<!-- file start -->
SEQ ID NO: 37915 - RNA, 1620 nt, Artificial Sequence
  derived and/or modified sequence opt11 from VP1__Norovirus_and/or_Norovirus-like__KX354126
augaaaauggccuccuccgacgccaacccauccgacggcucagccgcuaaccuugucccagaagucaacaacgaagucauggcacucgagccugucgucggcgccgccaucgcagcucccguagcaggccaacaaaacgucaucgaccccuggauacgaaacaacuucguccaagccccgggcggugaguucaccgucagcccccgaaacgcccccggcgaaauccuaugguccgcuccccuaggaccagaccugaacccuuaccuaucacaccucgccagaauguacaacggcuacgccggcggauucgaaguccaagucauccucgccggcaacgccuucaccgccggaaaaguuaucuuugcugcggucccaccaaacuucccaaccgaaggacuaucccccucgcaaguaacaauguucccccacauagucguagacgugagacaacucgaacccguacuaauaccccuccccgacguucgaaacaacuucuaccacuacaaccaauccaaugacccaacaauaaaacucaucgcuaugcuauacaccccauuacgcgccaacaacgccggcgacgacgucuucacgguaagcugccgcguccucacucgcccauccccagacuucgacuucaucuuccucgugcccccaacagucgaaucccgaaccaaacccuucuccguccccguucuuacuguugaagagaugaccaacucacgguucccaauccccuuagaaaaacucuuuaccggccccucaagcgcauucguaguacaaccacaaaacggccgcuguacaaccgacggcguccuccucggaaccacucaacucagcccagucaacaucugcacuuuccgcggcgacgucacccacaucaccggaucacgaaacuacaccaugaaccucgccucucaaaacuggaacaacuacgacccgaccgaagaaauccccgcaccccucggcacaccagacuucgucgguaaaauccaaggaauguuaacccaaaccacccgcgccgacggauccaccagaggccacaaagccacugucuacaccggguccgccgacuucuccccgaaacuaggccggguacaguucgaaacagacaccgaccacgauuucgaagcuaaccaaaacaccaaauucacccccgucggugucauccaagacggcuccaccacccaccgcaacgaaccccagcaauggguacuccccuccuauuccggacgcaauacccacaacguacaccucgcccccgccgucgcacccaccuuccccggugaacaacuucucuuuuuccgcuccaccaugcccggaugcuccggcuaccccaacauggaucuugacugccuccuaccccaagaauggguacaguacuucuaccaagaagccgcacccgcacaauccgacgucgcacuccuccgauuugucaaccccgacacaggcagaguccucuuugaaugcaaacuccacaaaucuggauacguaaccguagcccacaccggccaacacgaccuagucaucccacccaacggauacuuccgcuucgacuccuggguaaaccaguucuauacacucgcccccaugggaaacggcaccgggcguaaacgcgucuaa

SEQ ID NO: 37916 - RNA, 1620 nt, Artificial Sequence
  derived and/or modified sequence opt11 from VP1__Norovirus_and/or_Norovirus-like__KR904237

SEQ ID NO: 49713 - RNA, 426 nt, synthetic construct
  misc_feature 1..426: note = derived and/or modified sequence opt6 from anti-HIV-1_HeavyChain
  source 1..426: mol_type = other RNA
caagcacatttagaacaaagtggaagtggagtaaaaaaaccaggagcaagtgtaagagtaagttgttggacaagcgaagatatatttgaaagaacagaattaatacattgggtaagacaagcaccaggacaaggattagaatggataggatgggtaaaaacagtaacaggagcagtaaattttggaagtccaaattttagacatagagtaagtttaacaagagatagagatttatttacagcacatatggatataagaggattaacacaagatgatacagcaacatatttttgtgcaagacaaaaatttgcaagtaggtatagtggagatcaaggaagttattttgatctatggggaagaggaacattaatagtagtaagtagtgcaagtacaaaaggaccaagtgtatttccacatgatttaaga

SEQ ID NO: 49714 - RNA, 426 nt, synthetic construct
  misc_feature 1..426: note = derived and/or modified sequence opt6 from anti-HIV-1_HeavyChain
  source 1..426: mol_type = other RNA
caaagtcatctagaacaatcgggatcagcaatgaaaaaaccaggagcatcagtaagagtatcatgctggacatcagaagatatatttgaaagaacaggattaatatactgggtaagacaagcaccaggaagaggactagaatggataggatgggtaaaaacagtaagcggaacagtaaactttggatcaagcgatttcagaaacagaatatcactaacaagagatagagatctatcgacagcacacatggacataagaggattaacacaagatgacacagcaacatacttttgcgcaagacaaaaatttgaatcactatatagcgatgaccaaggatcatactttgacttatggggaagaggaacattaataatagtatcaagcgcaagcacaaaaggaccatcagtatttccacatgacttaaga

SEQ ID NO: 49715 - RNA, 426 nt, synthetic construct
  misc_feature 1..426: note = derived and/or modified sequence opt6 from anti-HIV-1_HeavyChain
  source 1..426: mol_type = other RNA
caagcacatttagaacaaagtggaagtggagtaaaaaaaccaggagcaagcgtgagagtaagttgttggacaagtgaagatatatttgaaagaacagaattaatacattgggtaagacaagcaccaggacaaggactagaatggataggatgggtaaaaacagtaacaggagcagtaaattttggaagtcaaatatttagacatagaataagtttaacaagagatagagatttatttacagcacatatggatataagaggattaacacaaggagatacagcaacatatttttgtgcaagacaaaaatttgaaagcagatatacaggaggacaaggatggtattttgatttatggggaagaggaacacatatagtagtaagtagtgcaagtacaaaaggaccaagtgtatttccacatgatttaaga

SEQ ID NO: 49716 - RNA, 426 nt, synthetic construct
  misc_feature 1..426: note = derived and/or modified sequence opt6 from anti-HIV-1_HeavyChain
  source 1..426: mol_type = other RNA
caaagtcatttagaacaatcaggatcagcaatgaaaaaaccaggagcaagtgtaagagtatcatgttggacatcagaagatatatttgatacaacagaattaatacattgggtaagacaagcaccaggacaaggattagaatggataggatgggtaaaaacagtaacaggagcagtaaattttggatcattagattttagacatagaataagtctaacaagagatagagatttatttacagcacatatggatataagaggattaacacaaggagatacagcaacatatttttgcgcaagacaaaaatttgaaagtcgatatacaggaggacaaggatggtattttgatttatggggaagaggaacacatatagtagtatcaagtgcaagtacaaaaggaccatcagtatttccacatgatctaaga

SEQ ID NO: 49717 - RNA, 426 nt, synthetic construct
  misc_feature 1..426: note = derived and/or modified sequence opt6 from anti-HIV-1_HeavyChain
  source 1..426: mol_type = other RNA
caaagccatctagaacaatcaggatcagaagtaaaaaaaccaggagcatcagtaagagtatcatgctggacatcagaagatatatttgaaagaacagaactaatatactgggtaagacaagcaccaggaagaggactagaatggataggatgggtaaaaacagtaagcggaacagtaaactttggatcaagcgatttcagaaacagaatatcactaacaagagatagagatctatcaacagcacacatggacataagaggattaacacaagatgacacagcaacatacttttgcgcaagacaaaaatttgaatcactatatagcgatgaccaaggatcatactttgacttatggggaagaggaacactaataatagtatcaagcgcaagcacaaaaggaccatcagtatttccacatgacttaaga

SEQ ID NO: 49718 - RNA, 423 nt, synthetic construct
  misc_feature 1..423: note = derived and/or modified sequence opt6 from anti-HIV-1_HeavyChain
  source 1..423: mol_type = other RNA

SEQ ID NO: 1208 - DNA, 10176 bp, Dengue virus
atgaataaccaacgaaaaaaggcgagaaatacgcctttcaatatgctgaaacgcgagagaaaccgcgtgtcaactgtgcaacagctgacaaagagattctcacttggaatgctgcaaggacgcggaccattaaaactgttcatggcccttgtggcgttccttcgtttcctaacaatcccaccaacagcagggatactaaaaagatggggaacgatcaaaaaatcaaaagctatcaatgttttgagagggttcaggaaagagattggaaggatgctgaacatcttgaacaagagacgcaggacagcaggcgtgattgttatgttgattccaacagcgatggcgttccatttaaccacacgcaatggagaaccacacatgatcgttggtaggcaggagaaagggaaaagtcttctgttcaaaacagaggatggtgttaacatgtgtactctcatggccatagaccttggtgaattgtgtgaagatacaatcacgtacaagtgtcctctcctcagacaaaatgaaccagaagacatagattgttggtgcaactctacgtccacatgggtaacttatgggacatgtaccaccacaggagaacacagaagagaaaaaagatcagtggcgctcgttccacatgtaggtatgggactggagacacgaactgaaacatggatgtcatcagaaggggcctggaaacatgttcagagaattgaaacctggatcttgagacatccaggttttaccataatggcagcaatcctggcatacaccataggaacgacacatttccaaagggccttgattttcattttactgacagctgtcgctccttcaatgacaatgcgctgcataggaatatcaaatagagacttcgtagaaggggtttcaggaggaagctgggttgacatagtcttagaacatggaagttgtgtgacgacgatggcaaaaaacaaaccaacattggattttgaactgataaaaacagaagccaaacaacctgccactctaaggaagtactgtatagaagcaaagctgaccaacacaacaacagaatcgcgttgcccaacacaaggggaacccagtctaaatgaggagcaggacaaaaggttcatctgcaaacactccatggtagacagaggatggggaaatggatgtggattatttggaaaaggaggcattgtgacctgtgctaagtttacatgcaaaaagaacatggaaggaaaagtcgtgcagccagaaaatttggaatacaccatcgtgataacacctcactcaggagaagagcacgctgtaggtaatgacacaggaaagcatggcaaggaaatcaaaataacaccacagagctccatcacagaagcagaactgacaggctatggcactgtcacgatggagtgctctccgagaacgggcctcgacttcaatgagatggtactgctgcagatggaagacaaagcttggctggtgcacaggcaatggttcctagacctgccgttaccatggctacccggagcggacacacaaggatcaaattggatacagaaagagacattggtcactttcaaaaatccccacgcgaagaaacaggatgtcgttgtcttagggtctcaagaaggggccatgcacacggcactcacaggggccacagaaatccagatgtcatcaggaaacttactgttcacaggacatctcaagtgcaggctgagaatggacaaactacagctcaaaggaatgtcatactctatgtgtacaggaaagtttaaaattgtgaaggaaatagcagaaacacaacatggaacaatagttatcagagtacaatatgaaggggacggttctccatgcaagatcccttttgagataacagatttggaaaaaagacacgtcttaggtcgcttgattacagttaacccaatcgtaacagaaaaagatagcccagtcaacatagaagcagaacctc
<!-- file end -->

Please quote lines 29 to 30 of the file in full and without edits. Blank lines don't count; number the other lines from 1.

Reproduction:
SEQ ID NO: 1208 - DNA, 10176 bp, Dengue virus
atgaataaccaacgaaaaaaggcgagaaatacgcctttcaatatgctgaaacgcgagagaaaccgcgtgtcaactgtgcaacagctgacaaagagattctcacttggaatgctgcaaggacgcggaccattaaaactgttcatggcccttgtggcgttccttcgtttcctaacaatcccaccaacagcagggatactaaaaagatggggaacgatcaaaaaatcaaaagctatcaatgttttgagagggttcaggaaagagattggaaggatgctgaacatcttgaacaagagacgcaggacagcaggcgtgattgttatgttgattccaacagcgatggcgttccatttaaccacacgcaatggagaaccacacatgatcgttggtaggcaggagaaagggaaaagtcttctgttcaaaacagaggatggtgttaacatgtgtactctcatggccatagaccttggtgaattgtgtgaagatacaatcacgtacaagtgtcctctcctcagacaaaatgaaccagaagacatagattgttggtgcaactctacgtccacatgggtaacttatgggacatgtaccaccacaggagaacacagaagagaaaaaagatcagtggcgctcgttccacatgtaggtatgggactggagacacgaactgaaacatggatgtcatcagaaggggcctggaaacatgttcagagaattgaaacctggatcttgagacatccaggttttaccataatggcagcaatcctggcatacaccataggaacgacacatttccaaagggccttgattttcattttactgacagctgtcgctccttcaatgacaatgcgctgcataggaatatcaaatagagacttcgtagaaggggtttcaggaggaagctgggttgacatagtcttagaacatggaagttgtgtgacgacgatggcaaaaaacaaaccaacattggattttgaactgataaaaacagaagccaaacaacctgccactctaaggaagtactgtatagaagcaaagctgaccaacacaacaacagaatcgcgttgcccaacacaaggggaacccagtctaaatgaggagcaggacaaaaggttcatctgcaaacactccatggtagacagaggatggggaaatggatgtggattatttggaaaaggaggcattgtgacctgtgctaagtttacatgcaaaaagaacatggaaggaaaagtcgtgcagccagaaaatttggaatacaccatcgtgataacacctcactcaggagaagagcacgctgtaggtaatgacacaggaaagcatggcaaggaaatcaaaataacaccacagagctccatcacagaagcagaactgacaggctatggcactgtcacgatggagtgctctccgagaacgggcctcgacttcaatgagatggtactgctgcagatggaagacaaagcttggctggtgcacaggcaatggttcctagacctgccgttaccatggctacccggagcggacacacaaggatcaaattggatacagaaagagacattggtcactttcaaaaatccccacgcgaagaaacaggatgtcgttgtcttagggtctcaagaaggggccatgcacacggcactcacaggggccacagaaatccagatgtcatcaggaaacttactgttcacaggacatctcaagtgcaggctgagaatggacaaactacagctcaaaggaatgtcatactctatgtgtacaggaaagtttaaaattgtgaaggaaatagcagaaacacaacatggaacaatagttatcagagtacaatatgaaggggacggttctccatgcaagatcccttttgagataacagatttggaaaaaagacacgtcttaggtcgcttgattacagttaacccaatcgtaacagaaaaagatagcccagtcaacatagaagcagaacctc